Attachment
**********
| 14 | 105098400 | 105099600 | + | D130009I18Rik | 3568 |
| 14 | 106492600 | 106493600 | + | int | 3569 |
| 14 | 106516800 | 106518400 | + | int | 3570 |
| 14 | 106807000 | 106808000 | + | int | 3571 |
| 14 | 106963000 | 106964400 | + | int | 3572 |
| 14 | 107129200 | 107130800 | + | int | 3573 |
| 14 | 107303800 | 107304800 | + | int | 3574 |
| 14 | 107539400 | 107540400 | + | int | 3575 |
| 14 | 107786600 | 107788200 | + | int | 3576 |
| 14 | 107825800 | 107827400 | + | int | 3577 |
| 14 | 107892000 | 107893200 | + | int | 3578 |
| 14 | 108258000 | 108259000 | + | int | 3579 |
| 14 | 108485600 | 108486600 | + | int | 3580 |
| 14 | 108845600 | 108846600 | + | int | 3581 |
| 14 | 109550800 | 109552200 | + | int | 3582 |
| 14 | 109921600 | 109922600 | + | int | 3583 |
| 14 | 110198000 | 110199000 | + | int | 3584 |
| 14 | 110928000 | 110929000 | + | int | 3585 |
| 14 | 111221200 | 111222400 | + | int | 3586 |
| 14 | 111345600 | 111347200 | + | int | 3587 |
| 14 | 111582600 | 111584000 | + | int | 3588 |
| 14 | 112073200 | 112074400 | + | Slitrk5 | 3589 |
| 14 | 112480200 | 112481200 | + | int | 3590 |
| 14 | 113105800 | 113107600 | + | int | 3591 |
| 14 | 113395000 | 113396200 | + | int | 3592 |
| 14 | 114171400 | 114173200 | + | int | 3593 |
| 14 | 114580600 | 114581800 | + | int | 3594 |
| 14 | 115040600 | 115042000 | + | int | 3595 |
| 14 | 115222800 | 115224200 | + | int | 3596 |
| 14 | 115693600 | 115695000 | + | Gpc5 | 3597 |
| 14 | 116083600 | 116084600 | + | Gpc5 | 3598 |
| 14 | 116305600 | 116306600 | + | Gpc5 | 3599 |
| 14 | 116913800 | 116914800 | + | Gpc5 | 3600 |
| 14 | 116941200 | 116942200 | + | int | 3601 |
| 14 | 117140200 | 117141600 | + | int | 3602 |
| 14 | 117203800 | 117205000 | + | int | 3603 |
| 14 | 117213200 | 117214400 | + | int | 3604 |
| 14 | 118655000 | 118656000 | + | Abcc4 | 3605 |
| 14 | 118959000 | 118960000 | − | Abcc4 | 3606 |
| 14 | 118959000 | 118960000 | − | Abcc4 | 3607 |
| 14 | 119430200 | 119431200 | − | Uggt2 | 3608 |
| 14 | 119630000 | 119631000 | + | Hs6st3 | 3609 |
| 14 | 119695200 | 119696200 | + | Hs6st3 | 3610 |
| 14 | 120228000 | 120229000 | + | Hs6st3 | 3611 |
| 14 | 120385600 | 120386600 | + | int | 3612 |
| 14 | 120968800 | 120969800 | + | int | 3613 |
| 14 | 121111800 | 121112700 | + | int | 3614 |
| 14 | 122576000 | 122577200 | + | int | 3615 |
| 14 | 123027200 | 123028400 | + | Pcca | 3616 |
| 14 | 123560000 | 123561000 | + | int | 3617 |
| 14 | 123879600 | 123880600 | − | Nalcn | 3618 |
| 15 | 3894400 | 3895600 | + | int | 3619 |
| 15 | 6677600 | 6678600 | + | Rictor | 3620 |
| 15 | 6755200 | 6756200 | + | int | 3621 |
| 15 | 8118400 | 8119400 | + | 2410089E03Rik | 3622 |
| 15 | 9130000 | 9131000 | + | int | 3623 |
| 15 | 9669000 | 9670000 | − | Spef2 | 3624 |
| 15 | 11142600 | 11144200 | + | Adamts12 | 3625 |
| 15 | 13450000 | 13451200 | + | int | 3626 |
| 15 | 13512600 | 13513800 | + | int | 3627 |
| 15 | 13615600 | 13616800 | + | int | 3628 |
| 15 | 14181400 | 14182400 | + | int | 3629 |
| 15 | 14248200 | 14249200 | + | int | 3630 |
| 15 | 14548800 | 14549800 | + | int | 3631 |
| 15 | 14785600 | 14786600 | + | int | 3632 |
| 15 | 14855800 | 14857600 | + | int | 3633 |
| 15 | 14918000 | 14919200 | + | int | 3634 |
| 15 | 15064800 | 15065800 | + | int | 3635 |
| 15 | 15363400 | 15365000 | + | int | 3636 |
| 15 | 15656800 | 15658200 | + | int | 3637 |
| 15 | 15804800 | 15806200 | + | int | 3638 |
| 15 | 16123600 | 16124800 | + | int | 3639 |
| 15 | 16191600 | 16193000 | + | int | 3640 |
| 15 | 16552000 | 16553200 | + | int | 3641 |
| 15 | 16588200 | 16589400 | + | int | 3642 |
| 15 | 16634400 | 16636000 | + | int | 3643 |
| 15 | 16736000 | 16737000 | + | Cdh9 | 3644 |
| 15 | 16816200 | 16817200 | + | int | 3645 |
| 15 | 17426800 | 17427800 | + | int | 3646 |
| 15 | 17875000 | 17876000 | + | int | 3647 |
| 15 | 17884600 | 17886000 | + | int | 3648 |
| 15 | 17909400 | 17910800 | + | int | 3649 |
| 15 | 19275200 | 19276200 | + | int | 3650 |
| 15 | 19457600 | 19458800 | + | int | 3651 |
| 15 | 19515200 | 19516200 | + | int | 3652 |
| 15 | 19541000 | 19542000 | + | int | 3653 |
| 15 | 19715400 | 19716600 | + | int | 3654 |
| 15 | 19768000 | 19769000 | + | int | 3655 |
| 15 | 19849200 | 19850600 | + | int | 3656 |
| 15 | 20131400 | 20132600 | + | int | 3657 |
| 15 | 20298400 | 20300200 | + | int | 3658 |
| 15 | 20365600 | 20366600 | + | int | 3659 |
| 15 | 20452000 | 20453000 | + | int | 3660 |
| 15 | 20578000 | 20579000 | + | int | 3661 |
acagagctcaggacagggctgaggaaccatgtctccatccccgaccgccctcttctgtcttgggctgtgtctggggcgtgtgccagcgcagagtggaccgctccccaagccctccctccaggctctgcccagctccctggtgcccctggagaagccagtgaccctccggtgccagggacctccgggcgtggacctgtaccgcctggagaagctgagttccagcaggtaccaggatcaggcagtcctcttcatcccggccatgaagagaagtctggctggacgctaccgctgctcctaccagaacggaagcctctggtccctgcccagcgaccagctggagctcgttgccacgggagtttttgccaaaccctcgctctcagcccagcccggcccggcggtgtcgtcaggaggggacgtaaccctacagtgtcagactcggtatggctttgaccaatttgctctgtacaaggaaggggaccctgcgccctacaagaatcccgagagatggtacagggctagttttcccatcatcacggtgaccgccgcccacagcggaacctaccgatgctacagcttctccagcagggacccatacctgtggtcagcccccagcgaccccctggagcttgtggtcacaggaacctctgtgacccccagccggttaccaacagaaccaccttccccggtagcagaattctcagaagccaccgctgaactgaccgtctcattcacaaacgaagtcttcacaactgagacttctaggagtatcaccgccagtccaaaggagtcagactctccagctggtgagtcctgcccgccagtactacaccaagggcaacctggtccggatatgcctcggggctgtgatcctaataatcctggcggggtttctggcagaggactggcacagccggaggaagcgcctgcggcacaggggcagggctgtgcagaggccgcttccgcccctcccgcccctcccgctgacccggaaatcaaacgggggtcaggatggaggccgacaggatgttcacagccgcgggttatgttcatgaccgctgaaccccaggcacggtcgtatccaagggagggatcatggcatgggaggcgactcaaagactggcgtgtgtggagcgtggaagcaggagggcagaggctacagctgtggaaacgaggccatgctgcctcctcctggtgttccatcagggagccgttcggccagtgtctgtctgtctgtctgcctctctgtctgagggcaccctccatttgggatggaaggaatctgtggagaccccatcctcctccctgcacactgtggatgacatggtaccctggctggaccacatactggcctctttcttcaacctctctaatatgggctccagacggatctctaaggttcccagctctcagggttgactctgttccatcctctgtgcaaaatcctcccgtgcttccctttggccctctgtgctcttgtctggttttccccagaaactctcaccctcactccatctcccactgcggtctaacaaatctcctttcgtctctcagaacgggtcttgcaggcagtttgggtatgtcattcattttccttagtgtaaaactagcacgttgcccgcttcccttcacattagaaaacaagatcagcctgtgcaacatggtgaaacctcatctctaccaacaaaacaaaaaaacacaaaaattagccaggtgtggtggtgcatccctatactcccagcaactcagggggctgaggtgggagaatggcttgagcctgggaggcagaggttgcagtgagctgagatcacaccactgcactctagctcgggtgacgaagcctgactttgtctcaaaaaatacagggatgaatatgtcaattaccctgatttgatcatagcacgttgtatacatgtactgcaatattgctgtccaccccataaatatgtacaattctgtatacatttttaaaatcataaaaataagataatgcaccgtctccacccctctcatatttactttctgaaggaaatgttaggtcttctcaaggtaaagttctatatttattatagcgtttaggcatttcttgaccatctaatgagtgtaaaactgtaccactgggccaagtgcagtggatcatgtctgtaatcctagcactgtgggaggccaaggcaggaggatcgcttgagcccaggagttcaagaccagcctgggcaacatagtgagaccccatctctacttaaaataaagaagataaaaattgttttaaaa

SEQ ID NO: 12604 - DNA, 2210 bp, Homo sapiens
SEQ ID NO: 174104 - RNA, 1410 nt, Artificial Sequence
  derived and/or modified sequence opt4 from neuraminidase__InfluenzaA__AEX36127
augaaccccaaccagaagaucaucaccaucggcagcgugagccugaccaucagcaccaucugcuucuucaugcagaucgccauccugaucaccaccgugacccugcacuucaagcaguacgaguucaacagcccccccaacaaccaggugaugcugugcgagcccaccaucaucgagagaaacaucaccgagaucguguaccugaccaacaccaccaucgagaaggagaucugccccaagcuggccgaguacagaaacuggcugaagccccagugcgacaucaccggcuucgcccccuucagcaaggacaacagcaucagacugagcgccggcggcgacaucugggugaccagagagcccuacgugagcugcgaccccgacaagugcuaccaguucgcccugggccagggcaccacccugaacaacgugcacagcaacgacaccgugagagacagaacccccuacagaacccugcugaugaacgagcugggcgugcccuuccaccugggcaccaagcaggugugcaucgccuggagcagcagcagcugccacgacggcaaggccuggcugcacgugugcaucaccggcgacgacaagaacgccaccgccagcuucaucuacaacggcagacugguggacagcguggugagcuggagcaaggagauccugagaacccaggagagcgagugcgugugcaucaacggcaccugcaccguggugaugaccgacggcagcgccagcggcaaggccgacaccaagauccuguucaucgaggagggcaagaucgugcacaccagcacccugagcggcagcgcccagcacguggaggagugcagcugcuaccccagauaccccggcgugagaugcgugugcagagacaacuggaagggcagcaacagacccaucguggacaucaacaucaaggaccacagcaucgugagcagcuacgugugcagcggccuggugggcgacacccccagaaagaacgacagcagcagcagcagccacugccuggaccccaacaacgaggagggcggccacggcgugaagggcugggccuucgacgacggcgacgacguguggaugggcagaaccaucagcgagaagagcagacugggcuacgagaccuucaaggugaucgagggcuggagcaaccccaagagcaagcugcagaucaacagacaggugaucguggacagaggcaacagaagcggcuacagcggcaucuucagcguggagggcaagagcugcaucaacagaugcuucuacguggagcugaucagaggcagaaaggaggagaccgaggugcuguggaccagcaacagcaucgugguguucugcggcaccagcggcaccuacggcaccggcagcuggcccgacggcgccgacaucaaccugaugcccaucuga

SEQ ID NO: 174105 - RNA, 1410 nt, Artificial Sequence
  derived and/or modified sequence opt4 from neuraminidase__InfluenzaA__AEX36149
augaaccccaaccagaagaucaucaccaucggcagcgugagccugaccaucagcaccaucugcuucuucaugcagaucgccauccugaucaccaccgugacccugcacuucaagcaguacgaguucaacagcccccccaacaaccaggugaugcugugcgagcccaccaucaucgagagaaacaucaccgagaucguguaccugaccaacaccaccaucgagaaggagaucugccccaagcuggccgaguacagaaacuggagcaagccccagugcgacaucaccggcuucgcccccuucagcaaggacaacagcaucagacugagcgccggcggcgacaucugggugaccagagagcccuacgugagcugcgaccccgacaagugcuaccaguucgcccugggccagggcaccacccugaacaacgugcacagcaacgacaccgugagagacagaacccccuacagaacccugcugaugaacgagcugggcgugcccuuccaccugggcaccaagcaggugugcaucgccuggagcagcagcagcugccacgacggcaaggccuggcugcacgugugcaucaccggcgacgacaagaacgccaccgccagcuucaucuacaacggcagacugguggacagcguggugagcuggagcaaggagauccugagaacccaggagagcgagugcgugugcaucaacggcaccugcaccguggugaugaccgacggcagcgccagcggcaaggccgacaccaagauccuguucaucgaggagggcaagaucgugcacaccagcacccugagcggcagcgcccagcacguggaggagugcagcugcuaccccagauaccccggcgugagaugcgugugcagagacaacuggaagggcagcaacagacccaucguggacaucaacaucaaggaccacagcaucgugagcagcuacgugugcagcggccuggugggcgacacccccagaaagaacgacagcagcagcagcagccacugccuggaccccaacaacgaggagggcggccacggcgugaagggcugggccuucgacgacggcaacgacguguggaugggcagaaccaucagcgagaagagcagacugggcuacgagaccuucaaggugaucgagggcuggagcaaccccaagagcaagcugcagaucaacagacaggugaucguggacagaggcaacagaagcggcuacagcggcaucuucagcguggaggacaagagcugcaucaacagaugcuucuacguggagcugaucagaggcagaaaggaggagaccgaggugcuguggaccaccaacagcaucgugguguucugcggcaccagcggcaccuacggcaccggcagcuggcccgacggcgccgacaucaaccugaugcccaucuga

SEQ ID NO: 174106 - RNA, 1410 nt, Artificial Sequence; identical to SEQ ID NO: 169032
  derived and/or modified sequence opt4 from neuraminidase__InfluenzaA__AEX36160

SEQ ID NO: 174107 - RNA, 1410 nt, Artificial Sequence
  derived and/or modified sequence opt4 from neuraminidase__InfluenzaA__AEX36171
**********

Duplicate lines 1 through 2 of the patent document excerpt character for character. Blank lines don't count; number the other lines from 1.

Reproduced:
| 14 | 105098400 | 105099600 | + | D130009I18Rik | 3568 |
| 14 | 106492600 | 106493600 | + | int | 3569 |